The Top 5 Moments at All Pilgrims
Kevin Murphy of the Moondoggies and Jon Russell of The Head and the Heart played solo sets for City Arts on Wednesday night at All Pilgrims Church on Capitol Hill, and I went, and I realized something…revelatory.
GUYS! Churches as venues…sound AMAZING. I prefer to attribute it to the vaulted acoustics of a building created to carry sound just so, but if you want to call it God’s Holy Amp in the Sky, Beckoning Forth Jams from His Most Righteous Halls, that’s totally cool with me.
I wrote in my City Arts preview that I was really hoping to see David Byrne and St. Vincent get their noise on at the 5th Avenue Theatre on Wednesday, but apparently I was correct about all of the people wanting to go to that show, and I was not able to get in. You win this one, All of the Other People. I’ll get you next time.
I think you may expect me to write an emotional review, or talk about how Kevin Murphy’s guitar sauntered over to me when he started playing “Empress of the North” while I was leaning in a corner, and made me feel all sorts of sad and hopeful things. Or wax poetic about Jon Russell’s smoldering cover of “Aint No Sunshine.” But I am not that predictable. So, with that:
The Top 5 Moments at All Pilgrims on Wednesday (Thanks for the Borrowed Format, High Fidelity)
5. When Murphy played “Ain’t No Lord in a Church” in a church. And it sounded magnificent. He pointed out later that maybe it was OK, because it’s technically a double negative.
4. That time Russell asked us to all sing the “oooh”s on the new song, “Gone” and I realized with striking clarity that an audience often does not find strength in numbers. But the gentle hesitance of a crowded clutch of people singing is really endearing, and when Jon said that we were doing great, I wished that I had a refrigerator to tape that accolade upon because I have stage fright within a mile of a stage, so it felt pretty good. And damn…churches can make even the most wispy back up vocals sound god damn beautiful. I mean. Just beautiful. No one is damned. Not a damn in there.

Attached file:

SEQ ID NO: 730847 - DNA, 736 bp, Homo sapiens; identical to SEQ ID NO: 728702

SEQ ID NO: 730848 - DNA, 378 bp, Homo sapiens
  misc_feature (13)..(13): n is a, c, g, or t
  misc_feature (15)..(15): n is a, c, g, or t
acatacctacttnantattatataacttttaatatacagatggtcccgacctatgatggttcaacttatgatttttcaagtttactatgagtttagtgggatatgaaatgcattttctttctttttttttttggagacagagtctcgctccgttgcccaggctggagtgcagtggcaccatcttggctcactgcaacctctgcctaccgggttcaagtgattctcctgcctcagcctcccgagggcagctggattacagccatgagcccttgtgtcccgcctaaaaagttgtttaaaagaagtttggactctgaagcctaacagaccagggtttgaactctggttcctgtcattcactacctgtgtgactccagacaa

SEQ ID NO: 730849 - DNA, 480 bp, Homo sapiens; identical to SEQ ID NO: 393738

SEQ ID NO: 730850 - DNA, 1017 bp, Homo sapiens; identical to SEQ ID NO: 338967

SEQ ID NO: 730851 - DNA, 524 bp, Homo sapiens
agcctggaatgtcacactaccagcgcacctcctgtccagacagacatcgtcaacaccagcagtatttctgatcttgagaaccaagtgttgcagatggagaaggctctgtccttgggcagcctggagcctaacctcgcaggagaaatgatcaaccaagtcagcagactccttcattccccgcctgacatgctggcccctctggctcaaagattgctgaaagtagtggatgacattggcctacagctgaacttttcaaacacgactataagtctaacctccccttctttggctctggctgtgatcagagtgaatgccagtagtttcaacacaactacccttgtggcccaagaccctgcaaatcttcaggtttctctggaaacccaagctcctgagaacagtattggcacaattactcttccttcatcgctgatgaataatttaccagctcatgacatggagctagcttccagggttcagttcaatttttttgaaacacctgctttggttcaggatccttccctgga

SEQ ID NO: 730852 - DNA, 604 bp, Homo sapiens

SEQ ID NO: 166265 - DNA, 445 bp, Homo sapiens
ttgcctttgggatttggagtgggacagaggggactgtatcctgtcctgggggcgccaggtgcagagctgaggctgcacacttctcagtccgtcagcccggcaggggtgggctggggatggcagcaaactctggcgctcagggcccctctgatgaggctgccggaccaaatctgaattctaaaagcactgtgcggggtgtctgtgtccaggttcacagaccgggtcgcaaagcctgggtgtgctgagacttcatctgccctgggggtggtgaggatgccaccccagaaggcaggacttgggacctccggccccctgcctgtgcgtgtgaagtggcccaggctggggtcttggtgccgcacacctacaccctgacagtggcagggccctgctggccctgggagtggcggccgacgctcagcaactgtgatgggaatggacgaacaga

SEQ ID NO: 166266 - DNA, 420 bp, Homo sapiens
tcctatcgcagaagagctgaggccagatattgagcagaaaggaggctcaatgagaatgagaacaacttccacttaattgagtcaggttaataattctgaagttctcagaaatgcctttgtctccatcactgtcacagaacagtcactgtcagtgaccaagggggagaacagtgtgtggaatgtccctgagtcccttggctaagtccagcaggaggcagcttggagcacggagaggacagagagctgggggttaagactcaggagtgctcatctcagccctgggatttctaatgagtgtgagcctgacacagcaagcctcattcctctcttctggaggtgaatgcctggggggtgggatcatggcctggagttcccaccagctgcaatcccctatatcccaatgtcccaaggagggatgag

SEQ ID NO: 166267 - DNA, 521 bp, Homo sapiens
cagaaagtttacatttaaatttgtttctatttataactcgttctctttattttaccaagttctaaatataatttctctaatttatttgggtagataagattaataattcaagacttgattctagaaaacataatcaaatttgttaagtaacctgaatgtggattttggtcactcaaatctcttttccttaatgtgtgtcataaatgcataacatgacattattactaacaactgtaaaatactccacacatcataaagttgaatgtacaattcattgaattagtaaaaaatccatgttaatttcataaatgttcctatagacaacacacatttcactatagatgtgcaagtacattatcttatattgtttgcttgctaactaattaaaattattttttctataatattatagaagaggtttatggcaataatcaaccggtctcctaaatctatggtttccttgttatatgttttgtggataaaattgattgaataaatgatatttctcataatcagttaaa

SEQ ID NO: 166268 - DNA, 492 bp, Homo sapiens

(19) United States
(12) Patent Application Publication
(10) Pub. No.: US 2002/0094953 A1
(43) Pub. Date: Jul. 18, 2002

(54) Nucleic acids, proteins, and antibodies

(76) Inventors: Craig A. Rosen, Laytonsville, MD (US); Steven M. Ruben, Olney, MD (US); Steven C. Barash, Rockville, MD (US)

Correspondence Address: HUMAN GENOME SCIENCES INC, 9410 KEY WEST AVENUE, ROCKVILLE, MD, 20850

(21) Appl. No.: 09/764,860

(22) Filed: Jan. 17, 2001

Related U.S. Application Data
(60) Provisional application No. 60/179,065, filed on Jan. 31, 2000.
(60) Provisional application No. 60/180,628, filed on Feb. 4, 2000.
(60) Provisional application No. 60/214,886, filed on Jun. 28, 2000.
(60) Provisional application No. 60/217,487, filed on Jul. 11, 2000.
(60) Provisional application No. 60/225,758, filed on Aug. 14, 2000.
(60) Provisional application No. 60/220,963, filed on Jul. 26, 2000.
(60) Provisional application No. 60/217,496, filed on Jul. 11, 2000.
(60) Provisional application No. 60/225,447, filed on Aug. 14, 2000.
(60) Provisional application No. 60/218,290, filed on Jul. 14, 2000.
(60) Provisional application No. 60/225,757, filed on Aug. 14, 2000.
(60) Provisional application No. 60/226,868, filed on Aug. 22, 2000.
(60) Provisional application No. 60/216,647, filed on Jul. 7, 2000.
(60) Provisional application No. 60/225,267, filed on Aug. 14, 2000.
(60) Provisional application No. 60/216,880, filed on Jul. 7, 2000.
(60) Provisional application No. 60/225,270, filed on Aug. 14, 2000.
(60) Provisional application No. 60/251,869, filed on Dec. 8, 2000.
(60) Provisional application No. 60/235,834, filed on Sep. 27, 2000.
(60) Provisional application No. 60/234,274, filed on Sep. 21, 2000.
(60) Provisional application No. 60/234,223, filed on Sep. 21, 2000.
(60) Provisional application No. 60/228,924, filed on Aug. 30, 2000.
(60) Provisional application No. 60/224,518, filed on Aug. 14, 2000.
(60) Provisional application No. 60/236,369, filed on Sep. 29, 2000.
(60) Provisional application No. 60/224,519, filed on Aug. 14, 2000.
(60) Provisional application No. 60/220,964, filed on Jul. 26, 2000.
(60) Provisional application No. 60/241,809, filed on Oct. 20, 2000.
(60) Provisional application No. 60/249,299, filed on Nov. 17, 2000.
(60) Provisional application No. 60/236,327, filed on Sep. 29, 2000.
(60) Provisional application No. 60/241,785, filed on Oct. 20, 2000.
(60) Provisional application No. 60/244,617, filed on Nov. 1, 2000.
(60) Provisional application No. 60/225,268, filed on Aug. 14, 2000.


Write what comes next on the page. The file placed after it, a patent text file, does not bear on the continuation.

3. Russell sat at a piano, told everyone that he had found a voice memo on his old phone with a song he had been working on a year and a half ago in New Orleans, and said he was going to try to play it. After a few false starts, with one really nice and loud guy yelling encouragement, he sang a short little ditty about Bourbon St and a couple characters he met there right around Mardi Gras. One of them was named Martin. The piano parts sounded beautiful. Everyone clapped really hard, and it reminded me that seeing an artist, especially a successful one, solo and trying new things in front of a crowd can really humanize them. It takes the act right out of the act, and allows everyone to be on the same level. Which is probably how we were coerced into singing later. Sneaky.
2. All of the new Moondoggies songs that Murphy sang. BECAUSE WOW. Just wow. I’ll leave the metaphors and similes to other people, because I was too busy staring up at the exposed timbers, trying to figure out if I’m too sensitive, or if these songs are too good. Both, is the answer.
1. When there was this one guy who was shooting with flash on the stage, and every 5 seconds the audience would get this blinding white pop in their eyes, and Abbey and I were glowering at him, and then this amazing man who probably worked for the church I think went and told him not to do that any more. He was the real hero.
OK, fine, you got me. I cried maybe three times. Especially when Russell sang about Virginia and finding a home when you have none.